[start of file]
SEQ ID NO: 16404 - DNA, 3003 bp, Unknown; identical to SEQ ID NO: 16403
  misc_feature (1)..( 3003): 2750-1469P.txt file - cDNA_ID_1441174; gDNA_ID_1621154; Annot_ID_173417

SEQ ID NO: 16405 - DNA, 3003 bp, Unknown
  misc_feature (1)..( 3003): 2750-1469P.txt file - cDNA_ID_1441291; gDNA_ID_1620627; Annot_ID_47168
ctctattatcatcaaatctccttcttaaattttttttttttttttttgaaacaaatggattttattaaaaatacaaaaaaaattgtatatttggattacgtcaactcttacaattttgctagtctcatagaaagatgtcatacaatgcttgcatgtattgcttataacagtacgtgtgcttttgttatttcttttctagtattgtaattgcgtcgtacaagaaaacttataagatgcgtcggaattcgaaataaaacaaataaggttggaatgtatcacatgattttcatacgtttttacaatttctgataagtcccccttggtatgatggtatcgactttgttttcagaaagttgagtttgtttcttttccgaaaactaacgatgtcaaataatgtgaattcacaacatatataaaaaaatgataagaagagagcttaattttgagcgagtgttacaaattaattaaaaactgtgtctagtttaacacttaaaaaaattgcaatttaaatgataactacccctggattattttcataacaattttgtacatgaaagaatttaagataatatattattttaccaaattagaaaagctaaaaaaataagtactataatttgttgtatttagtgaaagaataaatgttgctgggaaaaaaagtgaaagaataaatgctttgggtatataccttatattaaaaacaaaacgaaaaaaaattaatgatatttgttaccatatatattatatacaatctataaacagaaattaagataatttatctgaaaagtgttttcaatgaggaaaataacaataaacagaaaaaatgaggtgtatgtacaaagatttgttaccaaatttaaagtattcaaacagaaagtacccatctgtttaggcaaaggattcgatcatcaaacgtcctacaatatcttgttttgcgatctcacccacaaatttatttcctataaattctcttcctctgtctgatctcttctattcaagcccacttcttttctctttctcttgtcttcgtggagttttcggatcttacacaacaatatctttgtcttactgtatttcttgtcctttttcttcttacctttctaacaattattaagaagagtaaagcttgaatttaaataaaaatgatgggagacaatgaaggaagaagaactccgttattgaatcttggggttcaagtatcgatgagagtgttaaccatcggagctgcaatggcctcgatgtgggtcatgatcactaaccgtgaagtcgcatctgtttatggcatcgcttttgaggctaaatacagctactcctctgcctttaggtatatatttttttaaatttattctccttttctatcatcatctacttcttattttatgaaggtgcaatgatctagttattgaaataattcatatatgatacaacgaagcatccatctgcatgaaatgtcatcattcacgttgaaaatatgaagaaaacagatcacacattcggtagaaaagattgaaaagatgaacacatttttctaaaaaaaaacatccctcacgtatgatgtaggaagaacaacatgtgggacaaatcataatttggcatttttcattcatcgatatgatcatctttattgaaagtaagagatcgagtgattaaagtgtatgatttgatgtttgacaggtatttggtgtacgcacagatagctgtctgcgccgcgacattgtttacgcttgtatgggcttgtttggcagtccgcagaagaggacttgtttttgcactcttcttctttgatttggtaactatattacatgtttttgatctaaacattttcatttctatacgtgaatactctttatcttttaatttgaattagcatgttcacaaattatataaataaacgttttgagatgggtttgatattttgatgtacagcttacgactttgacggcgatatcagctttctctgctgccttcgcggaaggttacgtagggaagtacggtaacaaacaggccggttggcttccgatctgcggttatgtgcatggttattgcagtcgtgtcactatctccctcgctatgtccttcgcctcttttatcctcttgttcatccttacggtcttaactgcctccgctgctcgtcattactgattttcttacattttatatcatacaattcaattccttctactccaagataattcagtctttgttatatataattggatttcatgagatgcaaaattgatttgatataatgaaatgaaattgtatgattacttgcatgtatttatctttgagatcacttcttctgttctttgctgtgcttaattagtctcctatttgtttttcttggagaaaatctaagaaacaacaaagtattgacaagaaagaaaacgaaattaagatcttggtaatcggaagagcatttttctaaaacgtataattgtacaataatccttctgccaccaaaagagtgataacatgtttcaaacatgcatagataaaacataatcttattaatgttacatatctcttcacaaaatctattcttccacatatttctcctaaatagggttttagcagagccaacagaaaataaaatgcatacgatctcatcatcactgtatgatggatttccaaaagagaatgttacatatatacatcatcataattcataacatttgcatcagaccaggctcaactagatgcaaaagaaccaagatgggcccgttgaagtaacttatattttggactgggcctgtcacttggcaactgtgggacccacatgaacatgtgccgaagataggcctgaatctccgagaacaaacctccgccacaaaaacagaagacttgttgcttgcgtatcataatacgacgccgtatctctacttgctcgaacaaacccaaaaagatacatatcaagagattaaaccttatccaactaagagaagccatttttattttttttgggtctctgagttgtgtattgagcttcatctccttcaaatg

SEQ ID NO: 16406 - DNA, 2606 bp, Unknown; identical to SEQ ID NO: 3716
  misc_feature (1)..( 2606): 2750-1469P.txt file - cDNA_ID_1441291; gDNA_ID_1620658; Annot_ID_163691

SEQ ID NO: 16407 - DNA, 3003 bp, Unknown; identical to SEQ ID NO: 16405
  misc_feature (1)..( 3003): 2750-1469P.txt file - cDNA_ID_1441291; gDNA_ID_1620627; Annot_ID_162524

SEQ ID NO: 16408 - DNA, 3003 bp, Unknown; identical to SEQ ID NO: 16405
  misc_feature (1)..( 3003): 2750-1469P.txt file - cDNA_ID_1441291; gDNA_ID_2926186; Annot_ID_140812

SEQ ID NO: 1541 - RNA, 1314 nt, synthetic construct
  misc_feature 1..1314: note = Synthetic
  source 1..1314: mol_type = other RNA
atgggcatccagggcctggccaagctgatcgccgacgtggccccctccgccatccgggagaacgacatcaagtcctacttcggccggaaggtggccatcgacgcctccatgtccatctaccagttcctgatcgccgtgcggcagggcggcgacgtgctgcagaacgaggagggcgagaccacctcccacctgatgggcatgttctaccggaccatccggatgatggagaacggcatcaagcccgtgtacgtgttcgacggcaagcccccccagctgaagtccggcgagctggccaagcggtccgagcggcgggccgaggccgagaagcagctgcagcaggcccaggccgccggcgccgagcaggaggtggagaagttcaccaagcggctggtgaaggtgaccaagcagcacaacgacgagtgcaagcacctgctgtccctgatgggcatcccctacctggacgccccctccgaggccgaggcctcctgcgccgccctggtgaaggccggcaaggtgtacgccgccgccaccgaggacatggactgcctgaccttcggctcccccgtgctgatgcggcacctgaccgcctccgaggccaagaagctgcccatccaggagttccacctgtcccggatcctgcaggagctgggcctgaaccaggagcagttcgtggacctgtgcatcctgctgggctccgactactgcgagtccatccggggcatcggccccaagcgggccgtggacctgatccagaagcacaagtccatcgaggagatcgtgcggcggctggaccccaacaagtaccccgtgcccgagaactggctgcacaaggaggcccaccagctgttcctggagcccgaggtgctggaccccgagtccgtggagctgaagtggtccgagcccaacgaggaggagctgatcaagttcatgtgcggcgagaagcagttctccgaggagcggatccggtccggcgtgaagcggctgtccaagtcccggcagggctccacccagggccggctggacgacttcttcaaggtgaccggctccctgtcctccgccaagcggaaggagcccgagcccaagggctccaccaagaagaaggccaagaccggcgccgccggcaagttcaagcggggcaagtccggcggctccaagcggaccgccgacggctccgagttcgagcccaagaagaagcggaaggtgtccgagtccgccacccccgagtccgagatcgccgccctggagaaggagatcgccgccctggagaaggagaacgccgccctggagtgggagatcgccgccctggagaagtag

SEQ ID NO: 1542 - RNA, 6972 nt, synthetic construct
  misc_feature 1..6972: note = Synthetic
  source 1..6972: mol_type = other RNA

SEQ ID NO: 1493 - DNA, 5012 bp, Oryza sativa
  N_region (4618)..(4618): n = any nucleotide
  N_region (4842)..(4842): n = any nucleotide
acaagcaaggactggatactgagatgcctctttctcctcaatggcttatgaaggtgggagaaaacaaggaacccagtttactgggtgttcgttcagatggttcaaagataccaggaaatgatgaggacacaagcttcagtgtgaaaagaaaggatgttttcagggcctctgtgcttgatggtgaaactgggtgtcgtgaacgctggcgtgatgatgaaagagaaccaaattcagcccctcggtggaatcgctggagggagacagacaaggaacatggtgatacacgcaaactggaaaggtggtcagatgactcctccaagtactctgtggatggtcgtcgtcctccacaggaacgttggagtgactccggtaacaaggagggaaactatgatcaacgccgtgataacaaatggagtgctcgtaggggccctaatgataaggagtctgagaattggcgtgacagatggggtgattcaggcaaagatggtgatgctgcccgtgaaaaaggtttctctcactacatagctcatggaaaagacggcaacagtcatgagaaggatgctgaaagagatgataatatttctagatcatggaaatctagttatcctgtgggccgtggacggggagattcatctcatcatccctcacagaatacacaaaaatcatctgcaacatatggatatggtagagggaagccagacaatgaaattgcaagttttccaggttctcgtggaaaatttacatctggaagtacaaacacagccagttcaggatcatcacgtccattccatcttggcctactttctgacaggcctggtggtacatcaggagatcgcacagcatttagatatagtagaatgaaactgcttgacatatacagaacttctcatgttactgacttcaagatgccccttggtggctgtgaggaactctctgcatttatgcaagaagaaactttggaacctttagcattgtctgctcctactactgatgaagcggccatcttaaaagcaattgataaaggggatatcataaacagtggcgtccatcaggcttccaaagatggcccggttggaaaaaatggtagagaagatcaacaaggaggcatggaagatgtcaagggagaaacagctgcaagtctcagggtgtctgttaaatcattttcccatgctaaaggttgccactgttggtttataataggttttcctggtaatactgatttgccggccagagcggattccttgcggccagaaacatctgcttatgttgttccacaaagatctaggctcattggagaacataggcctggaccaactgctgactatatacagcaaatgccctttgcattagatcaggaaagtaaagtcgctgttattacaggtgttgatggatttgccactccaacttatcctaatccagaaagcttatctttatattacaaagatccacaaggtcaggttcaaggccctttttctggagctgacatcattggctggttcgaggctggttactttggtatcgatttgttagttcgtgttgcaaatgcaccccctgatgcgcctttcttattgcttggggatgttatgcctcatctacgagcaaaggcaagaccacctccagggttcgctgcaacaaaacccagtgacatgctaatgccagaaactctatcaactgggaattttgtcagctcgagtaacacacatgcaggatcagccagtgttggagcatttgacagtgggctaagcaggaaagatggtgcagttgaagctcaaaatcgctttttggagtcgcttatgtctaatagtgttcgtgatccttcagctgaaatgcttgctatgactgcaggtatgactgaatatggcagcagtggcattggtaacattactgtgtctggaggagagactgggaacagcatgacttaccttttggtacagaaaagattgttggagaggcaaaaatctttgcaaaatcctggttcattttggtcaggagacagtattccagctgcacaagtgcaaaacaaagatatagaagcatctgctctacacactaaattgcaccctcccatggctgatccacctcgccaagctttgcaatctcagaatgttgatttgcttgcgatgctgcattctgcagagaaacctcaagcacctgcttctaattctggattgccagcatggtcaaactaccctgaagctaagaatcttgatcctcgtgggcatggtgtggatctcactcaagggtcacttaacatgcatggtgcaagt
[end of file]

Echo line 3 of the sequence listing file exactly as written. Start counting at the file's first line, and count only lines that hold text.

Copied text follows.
SEQ ID NO: 16405 - DNA, 3003 bp, Unknown